1873 – Church of St. John the Baptist, Yengarie, Queensland

Architect: Frederick Rogers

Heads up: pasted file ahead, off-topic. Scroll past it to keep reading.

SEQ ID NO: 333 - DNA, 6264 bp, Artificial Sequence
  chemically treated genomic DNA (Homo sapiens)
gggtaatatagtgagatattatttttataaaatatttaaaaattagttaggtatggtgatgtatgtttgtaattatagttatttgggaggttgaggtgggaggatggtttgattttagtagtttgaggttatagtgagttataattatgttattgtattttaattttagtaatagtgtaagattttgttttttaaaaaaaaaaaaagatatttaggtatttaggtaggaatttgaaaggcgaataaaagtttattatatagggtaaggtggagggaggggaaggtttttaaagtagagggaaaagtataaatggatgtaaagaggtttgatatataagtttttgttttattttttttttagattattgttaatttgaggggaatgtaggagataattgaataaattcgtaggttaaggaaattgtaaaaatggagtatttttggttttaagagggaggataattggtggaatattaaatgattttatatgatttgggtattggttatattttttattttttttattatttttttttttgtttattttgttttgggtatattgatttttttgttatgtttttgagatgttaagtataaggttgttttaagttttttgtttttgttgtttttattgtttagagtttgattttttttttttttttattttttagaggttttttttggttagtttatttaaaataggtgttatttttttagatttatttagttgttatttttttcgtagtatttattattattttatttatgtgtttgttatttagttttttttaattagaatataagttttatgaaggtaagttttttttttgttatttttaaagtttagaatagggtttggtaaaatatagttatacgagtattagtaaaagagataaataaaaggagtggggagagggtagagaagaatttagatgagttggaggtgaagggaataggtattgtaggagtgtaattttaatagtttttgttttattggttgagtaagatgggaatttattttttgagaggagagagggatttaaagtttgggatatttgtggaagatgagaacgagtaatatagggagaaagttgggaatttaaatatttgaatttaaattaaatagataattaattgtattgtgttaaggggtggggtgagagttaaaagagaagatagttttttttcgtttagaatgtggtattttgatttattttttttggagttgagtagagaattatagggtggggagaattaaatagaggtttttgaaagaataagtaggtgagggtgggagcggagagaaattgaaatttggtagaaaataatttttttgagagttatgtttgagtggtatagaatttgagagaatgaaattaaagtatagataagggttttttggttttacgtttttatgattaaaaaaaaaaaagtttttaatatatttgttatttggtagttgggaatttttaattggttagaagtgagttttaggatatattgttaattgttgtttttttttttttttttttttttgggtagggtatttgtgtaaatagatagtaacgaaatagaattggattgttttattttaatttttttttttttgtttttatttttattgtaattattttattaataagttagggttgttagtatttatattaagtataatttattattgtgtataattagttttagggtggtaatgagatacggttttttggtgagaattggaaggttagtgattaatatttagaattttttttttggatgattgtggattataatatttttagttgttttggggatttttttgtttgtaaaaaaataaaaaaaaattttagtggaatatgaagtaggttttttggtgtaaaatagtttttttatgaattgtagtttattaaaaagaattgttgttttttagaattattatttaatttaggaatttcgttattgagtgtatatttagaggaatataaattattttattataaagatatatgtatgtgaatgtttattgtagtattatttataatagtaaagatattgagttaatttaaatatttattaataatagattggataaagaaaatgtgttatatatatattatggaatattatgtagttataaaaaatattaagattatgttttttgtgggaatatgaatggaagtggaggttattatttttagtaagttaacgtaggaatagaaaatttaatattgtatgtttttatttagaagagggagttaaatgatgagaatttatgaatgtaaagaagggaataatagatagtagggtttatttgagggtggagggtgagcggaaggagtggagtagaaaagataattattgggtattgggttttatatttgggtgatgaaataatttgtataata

Published in The Building News, November 14 1873: “The view of this church, taken from the northeast, represents a design in which the excessive heat of the climate has been considered and provided against as much as possible. In order to keep the interior cool, the eaves on the north, south, and western sides have been brought forward so as to keep the direct rays of the sun from striking upon the walls. The whole of the roofs are constructed double, in order to impose a current of air between the two thicknesses. The walls are of concrete, with stone dressings. The windows of the nave are not to be glazed, but defended by jalousie blinds, hinged upon the out- side, and a series of louvre ventilators are formed throughout the length of the nave roof. The east window of the chancel is intended to be filled-in with stained glass. The church will be built at the cost of Robert Tooth, Esq., of Yengarie, and is to be dedicated to S. John the Baptist — ” In those days came John the Baptist preaching in the wilderness.” The architect is Mr. Frederick Rogers, of 9, Serlo-street, Lincoln’s Inn, W.C.”

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